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Bias a major concern

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The vandal who smashed the windshield as well as driver’s side front and rear windows of Isa Alzouma’s 2003 Chevrolet Avalanche parked at his Watertown home Dec. 7 left the following note:

“U (expletive) (racial slur) I know where u work too!!! U better watch your back!!!” according to a transcript in a police report Mr. Alzouma showed the Watertown Daily Times. “(Expletive) Muslim and (racial slur)! Quit your job or else.”

Mr. Alzouma is an immigrant from Niger who has lived in Watertown for three years. He is employed by a security firm and works at the Dulles State Office Building.

After several weeks of investigation, officials with the Watertown Police Department said they haven’t found enough evidence that the incident can be classified as a hate crime. The note alone does not prove the vandal’s motivation for damaging Mr. Alzouma’s vehicle.

Police said they believe the incident may be related to workplace tension. Some interviews with individuals have produced a few leads, said Detective Richard J. Purvis.

It’s possible that investigators have uncovered some evidence suggesting the crime was driven more by problems between co-workers than a bias against a man who is both black and a Muslim. If this was the case, perhaps the offender used such demeaning language as a way to mask any work-related association that may exist.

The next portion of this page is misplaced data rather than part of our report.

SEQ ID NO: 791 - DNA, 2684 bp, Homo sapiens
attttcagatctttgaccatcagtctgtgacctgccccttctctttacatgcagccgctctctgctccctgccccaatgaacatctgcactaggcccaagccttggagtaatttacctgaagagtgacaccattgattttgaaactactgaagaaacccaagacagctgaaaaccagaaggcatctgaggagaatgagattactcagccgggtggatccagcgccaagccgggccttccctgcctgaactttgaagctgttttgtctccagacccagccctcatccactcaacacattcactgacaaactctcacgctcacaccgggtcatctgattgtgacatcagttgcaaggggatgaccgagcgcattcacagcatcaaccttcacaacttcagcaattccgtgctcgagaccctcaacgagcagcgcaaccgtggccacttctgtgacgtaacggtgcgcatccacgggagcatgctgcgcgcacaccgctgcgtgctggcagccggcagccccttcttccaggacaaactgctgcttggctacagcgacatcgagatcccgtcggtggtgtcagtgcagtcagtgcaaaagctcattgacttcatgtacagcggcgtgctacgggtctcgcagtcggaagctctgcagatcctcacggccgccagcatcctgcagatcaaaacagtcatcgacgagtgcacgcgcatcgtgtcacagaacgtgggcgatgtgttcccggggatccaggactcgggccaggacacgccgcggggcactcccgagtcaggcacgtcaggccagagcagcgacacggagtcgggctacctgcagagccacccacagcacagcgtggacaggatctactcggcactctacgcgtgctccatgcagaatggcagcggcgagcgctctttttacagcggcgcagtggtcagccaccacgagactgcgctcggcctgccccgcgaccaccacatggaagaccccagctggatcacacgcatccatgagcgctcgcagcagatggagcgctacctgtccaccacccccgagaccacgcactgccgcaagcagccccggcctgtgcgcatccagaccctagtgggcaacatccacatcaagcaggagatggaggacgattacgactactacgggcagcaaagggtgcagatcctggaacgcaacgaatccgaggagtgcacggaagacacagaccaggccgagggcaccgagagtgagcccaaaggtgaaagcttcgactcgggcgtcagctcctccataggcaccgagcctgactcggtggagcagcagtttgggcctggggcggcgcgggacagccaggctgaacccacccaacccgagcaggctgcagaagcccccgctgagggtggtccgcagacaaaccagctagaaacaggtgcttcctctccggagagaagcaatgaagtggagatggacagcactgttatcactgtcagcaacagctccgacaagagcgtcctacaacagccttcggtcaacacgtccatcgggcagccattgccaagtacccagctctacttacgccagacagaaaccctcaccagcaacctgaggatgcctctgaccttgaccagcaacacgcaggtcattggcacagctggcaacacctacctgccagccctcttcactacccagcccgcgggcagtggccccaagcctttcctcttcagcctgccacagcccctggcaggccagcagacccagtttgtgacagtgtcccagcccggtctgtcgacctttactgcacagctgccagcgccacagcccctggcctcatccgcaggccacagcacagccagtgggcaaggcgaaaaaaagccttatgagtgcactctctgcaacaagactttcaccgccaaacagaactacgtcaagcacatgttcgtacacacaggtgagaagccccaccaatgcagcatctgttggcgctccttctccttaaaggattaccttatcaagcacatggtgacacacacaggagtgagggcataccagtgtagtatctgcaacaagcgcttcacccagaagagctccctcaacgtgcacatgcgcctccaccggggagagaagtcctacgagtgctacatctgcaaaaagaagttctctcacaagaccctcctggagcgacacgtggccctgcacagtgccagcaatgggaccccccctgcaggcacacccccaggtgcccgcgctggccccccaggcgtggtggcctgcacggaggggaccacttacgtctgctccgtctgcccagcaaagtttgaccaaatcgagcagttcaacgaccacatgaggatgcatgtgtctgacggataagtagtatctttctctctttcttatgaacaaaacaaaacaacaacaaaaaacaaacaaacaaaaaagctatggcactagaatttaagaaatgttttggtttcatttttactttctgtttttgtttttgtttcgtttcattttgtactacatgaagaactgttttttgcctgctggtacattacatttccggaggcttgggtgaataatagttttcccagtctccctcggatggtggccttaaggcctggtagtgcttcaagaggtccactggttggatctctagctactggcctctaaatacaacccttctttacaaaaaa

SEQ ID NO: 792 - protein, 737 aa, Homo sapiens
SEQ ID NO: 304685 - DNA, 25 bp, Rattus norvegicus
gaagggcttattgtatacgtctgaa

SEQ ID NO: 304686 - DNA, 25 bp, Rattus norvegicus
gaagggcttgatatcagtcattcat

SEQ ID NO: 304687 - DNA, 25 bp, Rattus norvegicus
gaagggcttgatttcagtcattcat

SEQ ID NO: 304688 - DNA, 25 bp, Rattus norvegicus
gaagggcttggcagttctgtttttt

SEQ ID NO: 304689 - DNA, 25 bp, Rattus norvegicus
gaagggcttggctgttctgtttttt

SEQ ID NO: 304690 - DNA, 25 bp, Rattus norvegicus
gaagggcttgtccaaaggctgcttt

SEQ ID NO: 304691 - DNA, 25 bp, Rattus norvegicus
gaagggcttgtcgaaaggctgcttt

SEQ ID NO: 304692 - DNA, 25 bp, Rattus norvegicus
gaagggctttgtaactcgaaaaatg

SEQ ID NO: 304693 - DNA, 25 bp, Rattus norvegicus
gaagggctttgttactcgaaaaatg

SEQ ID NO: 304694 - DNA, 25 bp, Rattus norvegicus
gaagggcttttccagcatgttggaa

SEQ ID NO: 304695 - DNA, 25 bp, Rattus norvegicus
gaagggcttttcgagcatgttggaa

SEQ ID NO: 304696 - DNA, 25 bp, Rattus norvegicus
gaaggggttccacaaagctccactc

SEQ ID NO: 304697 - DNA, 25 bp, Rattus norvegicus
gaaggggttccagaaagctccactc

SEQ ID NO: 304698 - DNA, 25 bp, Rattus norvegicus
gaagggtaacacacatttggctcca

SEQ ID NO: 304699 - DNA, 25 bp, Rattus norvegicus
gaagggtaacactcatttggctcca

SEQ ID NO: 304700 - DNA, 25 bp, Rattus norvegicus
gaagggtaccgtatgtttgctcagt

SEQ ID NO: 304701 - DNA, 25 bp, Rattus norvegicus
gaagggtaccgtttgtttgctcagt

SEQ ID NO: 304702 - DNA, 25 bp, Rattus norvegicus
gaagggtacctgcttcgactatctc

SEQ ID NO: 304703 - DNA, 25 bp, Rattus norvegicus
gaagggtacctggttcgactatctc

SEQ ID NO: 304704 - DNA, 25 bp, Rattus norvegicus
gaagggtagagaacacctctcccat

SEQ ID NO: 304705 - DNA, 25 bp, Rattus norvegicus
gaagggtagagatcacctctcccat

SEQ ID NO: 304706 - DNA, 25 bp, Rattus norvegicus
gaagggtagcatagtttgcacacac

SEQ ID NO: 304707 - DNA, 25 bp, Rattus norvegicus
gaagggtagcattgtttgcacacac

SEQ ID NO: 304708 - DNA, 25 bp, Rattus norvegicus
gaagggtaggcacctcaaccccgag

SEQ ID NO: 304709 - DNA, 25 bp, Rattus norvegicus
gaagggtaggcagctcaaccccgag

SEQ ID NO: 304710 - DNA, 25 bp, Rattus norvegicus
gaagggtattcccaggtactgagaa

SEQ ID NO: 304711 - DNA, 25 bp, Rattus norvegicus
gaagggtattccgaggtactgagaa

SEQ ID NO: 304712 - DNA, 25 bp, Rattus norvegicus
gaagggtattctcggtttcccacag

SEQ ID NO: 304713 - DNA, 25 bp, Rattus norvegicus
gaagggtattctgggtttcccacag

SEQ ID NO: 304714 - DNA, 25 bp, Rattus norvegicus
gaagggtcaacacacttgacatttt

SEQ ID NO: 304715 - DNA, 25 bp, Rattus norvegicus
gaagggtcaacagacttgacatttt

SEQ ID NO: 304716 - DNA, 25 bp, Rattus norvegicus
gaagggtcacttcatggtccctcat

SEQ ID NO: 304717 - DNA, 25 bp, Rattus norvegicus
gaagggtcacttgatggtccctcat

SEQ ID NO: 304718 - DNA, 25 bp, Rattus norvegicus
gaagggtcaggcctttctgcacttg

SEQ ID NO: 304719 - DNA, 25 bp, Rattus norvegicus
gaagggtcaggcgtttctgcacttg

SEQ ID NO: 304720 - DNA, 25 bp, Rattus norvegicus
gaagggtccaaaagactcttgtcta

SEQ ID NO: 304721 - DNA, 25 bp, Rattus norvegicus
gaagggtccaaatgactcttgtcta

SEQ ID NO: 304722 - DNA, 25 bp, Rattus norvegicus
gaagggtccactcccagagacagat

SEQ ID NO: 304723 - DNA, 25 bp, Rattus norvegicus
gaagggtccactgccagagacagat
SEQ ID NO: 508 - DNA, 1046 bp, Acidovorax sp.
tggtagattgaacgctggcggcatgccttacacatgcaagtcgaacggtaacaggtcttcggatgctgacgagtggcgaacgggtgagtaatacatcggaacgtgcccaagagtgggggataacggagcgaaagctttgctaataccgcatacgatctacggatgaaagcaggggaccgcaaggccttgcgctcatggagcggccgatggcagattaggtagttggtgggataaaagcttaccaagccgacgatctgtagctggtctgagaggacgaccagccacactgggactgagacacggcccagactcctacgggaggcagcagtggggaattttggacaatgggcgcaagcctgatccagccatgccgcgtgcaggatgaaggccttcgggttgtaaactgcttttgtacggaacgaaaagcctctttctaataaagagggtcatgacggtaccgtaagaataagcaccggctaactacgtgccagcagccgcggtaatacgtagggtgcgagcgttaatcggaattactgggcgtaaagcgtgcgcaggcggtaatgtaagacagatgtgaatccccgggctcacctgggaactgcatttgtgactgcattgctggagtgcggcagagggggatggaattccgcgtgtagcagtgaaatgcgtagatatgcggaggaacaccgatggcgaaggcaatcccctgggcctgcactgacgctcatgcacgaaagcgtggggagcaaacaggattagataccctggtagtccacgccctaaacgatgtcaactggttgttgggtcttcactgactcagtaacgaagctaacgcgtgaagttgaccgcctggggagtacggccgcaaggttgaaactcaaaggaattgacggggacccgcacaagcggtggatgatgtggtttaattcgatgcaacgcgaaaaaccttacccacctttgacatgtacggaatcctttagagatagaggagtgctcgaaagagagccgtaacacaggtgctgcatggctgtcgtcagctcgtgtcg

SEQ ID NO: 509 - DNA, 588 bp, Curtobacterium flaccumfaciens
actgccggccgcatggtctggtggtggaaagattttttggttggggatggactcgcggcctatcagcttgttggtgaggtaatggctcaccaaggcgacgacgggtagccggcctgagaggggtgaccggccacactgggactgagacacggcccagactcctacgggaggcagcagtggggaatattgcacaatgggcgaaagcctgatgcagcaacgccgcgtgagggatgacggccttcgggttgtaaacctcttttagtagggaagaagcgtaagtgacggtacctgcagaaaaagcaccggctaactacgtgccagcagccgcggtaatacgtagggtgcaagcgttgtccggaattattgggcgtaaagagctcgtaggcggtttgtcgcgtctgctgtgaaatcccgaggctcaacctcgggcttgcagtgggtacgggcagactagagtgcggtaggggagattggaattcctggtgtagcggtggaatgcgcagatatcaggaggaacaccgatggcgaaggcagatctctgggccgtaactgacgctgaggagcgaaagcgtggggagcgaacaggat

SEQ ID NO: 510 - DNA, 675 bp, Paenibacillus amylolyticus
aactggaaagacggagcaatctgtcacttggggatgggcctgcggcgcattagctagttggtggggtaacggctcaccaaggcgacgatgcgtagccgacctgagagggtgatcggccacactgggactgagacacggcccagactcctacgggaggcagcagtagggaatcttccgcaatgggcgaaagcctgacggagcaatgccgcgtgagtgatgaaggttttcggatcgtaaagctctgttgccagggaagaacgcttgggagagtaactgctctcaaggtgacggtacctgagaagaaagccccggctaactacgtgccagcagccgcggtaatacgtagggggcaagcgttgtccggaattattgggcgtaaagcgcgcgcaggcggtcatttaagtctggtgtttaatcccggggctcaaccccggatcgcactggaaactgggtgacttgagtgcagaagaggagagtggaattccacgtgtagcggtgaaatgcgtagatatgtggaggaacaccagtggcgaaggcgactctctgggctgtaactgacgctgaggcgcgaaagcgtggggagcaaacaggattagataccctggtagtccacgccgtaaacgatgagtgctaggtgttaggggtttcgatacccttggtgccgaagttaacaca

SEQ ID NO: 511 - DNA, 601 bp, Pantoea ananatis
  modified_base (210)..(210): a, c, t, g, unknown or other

But hopefully the police won’t be so quick to dismiss the potential that racial and religious bias was at least part of what motivated the offender. Anyone who feels comfortable writing a note like that obviously has a bigotted mindset.

State penal code declares that a hate crime occurs when a person commits an offense involving violence, intimidation or property damage because of the actual or perceived background of the victim. The trick with a hate crime classification is that bias must be proven as the primary motivation behind the crime.

Hate crime laws have become controversial. Some people believe bias should not be given special recognition. An act of vandalism is just as bad no matter who the victim is, opponents claim.

Well, this isn’t quite right.

An act of violence or vandalism against any individual is atrocious in itself. But a hate crime is directed not only at the individual victim but at everyone else who shares the victim’s characteristics. It’s an attempt to intimidate and control all other members of that group, especially if their numbers constitute a minority.

Members of dominant groups often feel the need to threaten minority groups to perpetuate the privilege they have in society to the detriment of others. Their bigotry blinds them to the fact that the existence of people who are different than they are actually strengthens our community.

The Watertown Police Department should consider calling in the FBI to help investigate this case. The FBI has resources that could either confirm or deny if bias was a motivating factor. Just because the police can’t yet see the bigotry doesn’t mean it’s not there.

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